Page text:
Decision Fatigue. Yep, it’s a thing.

Difficult choices of a businessman due to crisis

Wifey: “What do you want for dinner?”
Me: “I don’t know, whatever you want.”

or

Me: “What do you want to watch?”
Wifey: “Whatever. You decide.”

The above are fairly common occurrences in our household, and I would imagine in many others. There’s been plenty of instances where we’d frustrate each other because neither of us could make a decision for such seemingly simple decisions. So why is it that I can’t just make a decision around what I want to eat or watch at any given time?

Because by the time I get home from work, I don’t want to make any more damn decisions. I’m decisioned out. And it wasn’t until a few months ago that I learned that decision fatigue was actually a “thing”. Decision fatigue is officially described as:

In decision making and psychology, decision fatigue refers to the deteriorating quality of decisions made by an individual, after a long session of decision making. It is now understood as one of the causes of irrational trade-offs in decision making.

Just think for a second how many choices are available to you in this day and age when it comes to anything in life. Food, medicine, technology, it’s massive. We’re forced to make a tremendous amount of decisions in quantity and quality every day. It takes it’s toll.

In my case (and many others), decision fatigue can actually lead to decision avoidance. All day at work I make decision after decision, and by the time I get home, I just want to turn my brain off when it comes to having to make any sort of decision no matter how simple it may be. Not only that, but the quality of the decisions made can deteriorate over the course of a day. Case in point is this crazy study about how prisoners who were scheduled earlier had a higher percentage chance of early release.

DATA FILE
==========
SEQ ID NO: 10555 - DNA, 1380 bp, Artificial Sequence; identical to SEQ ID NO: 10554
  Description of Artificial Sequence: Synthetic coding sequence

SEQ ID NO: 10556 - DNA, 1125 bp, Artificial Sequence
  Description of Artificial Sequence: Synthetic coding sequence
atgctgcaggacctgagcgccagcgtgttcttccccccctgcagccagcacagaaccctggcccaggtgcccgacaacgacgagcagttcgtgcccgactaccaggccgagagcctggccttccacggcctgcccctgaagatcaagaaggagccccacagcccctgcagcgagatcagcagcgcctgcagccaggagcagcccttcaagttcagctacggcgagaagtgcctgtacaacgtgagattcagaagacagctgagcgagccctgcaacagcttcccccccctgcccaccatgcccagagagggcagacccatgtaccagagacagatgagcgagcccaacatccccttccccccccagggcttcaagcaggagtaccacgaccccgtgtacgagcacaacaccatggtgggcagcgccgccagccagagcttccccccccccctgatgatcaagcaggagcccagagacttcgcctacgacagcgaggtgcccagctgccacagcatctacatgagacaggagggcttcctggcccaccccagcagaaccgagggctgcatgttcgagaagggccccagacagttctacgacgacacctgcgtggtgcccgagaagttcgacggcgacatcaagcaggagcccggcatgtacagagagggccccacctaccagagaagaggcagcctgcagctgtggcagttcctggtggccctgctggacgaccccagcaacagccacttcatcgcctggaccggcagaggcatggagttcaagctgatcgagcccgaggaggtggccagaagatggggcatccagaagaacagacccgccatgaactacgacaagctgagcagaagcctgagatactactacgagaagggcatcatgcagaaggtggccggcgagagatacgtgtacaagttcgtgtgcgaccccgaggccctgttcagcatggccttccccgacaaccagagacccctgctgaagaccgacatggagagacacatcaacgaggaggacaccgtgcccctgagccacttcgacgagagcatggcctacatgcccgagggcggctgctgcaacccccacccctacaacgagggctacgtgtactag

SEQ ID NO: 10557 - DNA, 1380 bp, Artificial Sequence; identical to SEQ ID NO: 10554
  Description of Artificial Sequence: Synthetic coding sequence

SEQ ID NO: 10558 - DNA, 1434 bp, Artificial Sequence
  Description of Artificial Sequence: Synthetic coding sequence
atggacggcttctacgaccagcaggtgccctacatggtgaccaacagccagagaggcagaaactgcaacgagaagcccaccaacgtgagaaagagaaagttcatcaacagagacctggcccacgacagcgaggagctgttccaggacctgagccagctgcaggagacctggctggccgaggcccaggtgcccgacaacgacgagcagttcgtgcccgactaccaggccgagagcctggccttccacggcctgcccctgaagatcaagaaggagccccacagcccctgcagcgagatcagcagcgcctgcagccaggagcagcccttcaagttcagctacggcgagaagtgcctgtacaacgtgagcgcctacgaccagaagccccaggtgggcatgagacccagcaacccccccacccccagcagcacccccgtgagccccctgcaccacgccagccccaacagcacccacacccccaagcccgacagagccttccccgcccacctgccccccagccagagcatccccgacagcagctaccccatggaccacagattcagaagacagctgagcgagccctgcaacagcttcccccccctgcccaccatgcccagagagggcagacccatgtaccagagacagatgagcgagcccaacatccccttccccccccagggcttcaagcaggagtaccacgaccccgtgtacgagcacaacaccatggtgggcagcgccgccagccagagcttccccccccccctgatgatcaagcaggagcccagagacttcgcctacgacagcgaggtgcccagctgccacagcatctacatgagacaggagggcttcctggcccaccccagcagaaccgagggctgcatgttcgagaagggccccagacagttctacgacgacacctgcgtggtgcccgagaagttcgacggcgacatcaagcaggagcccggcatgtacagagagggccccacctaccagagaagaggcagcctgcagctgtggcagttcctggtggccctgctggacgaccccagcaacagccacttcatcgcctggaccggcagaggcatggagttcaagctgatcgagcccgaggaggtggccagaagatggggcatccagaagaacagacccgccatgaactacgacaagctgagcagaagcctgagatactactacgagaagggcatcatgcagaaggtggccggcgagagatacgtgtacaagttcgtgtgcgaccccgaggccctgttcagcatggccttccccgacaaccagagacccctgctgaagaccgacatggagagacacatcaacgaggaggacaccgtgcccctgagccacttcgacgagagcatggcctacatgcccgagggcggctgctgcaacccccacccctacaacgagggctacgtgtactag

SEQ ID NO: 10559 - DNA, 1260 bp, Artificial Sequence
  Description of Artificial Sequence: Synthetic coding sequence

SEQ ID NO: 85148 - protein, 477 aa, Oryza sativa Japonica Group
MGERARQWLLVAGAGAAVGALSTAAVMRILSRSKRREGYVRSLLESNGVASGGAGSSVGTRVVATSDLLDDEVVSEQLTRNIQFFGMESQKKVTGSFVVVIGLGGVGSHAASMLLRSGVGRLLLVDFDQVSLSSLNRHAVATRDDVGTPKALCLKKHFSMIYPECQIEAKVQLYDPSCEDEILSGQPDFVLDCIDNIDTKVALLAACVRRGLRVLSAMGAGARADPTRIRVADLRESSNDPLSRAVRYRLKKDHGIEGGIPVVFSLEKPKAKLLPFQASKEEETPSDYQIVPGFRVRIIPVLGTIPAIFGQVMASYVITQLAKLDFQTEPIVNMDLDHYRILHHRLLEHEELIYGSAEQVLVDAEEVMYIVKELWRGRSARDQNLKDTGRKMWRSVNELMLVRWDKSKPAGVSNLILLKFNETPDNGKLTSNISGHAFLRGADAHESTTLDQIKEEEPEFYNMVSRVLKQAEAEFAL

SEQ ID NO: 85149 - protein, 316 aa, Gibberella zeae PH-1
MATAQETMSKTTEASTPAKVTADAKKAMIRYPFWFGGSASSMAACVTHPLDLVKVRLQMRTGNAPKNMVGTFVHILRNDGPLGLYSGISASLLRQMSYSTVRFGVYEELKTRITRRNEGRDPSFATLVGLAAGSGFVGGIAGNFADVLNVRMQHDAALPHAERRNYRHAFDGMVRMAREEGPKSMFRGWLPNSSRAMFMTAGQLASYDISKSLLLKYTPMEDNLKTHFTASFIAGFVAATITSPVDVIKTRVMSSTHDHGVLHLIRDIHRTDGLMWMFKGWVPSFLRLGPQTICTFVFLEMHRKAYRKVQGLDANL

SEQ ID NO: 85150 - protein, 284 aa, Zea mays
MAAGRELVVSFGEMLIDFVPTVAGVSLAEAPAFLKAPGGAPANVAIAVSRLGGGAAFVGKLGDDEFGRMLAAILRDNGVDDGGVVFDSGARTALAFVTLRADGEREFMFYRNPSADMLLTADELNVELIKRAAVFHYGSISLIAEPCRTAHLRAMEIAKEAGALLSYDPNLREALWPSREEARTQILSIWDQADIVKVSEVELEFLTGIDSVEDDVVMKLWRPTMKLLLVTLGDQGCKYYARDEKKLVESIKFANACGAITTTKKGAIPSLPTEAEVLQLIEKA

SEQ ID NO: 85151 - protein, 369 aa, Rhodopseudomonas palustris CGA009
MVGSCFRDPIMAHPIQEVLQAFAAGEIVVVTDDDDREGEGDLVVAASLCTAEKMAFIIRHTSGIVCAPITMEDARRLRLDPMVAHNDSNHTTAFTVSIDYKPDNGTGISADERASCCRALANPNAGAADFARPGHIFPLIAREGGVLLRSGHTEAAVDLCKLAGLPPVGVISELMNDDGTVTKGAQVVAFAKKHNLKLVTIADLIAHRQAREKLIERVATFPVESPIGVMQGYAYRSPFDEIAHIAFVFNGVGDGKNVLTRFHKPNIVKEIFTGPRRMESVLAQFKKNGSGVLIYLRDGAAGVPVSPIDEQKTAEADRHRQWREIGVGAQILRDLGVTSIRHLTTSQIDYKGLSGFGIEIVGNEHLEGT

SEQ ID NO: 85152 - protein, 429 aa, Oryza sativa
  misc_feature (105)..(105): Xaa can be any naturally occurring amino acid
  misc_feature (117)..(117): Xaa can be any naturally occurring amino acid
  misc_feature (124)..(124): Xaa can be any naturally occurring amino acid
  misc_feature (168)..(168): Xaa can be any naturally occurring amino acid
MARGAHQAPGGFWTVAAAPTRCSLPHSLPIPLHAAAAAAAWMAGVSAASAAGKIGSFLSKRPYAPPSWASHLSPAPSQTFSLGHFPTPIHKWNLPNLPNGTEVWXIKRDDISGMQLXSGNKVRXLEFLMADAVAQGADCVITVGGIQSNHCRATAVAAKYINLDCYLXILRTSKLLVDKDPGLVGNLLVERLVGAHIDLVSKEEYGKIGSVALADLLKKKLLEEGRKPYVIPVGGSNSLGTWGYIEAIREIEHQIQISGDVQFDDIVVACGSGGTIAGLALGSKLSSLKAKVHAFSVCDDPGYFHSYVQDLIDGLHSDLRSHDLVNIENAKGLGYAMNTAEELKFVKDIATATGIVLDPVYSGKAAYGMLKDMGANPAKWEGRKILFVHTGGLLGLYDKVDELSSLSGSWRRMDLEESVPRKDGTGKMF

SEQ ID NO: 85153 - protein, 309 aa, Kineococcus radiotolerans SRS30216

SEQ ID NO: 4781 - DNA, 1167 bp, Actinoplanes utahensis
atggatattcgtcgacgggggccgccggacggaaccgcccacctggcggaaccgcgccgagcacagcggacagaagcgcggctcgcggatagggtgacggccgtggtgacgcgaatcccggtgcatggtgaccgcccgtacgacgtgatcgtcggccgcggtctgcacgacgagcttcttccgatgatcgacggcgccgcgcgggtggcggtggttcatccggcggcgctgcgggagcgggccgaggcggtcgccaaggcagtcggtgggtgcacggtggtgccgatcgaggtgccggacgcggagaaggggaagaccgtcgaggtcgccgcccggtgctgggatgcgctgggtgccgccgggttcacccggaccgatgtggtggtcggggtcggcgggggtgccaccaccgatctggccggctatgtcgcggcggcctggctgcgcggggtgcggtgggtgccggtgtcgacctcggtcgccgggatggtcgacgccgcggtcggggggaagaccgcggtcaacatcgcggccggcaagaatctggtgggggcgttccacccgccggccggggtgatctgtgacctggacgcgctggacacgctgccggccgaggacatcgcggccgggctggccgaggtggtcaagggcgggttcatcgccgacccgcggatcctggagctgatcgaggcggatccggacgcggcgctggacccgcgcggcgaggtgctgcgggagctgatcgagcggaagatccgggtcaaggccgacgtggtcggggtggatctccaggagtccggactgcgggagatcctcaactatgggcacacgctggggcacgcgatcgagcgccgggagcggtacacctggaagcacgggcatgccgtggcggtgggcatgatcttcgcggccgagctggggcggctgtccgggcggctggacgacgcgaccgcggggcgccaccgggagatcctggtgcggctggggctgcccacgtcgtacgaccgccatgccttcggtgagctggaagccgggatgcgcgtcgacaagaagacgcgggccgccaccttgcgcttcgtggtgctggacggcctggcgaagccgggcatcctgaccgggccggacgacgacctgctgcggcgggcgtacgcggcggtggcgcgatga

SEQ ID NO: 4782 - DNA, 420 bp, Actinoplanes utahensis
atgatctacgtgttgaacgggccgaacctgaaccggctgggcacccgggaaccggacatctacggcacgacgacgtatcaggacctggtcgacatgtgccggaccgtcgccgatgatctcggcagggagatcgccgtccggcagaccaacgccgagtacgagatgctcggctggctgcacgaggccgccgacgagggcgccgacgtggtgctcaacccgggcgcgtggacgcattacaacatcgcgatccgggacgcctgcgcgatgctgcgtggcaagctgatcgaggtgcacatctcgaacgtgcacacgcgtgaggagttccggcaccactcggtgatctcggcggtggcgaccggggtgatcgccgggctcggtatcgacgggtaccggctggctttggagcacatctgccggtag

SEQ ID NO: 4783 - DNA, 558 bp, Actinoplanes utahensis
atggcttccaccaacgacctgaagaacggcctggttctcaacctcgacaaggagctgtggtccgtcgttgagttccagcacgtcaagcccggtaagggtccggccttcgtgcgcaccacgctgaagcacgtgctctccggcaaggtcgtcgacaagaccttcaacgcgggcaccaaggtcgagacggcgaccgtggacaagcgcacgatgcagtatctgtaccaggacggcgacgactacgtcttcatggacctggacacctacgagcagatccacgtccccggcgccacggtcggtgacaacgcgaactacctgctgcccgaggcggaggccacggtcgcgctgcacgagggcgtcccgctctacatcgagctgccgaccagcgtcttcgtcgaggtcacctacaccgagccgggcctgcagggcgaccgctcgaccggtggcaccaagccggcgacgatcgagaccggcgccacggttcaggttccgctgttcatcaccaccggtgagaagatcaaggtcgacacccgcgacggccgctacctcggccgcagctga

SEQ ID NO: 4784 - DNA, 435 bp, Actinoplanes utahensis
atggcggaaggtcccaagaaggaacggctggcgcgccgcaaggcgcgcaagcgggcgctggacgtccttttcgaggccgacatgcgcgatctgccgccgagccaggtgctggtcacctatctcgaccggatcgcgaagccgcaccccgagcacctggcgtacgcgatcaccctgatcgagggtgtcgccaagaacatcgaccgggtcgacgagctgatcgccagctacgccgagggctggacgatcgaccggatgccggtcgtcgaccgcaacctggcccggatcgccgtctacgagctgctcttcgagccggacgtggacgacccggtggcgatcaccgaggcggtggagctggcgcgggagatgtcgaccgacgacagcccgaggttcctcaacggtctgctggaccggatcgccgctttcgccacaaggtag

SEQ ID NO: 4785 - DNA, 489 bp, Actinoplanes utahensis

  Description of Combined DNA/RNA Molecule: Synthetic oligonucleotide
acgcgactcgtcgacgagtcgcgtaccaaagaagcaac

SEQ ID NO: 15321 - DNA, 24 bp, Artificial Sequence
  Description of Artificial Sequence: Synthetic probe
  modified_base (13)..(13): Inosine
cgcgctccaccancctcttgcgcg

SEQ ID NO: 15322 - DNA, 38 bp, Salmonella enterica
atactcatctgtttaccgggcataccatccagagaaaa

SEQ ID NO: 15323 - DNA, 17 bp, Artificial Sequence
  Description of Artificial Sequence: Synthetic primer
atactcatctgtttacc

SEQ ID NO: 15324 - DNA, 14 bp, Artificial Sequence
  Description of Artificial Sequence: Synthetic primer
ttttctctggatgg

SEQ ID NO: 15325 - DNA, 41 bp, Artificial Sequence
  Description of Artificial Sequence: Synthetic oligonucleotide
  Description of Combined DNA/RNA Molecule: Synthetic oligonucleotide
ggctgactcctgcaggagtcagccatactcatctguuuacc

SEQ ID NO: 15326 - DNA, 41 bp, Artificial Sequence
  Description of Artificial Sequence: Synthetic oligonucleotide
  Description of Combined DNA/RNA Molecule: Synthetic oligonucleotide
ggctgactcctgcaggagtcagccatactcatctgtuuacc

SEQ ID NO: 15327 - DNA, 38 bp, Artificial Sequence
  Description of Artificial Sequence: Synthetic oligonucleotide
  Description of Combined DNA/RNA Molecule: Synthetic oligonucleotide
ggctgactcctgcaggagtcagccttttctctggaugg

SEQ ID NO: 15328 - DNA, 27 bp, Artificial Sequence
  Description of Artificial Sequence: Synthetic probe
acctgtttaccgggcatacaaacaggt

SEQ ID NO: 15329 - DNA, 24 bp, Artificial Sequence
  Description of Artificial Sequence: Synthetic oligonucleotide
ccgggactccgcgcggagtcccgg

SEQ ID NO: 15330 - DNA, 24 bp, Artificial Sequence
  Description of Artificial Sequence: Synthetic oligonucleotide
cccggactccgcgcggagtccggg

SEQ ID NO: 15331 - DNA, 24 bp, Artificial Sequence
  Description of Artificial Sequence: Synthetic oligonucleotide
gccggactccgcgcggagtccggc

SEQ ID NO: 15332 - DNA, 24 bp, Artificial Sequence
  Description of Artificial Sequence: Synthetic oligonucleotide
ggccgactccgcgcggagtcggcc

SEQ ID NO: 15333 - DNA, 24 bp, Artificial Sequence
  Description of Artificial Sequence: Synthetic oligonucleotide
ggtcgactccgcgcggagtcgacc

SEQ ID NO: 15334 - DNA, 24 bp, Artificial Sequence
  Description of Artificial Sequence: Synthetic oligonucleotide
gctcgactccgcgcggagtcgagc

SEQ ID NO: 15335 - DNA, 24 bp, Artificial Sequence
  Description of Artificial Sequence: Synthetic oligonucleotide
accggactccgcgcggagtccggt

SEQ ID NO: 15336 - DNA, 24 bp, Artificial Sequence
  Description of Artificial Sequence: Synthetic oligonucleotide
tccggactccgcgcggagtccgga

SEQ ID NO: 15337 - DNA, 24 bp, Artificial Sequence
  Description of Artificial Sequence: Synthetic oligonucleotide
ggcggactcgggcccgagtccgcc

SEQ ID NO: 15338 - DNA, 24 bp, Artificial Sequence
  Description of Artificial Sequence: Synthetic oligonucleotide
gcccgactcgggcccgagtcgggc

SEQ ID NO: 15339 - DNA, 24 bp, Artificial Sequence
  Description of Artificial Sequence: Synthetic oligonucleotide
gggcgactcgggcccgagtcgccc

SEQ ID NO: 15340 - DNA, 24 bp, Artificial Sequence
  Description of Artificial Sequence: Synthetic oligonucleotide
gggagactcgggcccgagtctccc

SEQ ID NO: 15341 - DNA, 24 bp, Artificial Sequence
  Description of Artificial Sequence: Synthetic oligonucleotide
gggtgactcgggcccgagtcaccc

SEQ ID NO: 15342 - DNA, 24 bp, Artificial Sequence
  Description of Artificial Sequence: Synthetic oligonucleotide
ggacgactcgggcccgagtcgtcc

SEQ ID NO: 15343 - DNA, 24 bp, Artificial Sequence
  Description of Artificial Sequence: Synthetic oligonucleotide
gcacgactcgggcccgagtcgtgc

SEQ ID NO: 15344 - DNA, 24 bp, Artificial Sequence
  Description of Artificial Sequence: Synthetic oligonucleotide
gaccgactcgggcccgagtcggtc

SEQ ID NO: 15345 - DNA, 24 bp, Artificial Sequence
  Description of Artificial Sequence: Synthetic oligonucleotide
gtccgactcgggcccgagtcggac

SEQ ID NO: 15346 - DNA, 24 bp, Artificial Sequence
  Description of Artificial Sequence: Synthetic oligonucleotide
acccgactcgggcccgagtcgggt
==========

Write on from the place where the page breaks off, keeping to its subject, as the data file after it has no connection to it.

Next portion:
It all can seem easy to just write off as bullshit, but I actually think there is a lot of truth to how this all works out. Once I learned about psychology and research behind how decision making effects our lives, I immediately began to think of what I could do to better handle it all. Everyone will tell you rest, eat well, exercise, etc. All the things we should be doing anyway. I’ve taken it a step further at work be better delegating decision making. You have to trust your team, and the people you work with and extend decision making power as much as you can. I’ve found by doing so, it lessons the amount of decisions I have to make in any given day and increases the quality of decisions I make.

Below is a great TED talk called The Paradox of Choice that dives a bit deeper into all of this in an interesting way and is worth the watch.

 

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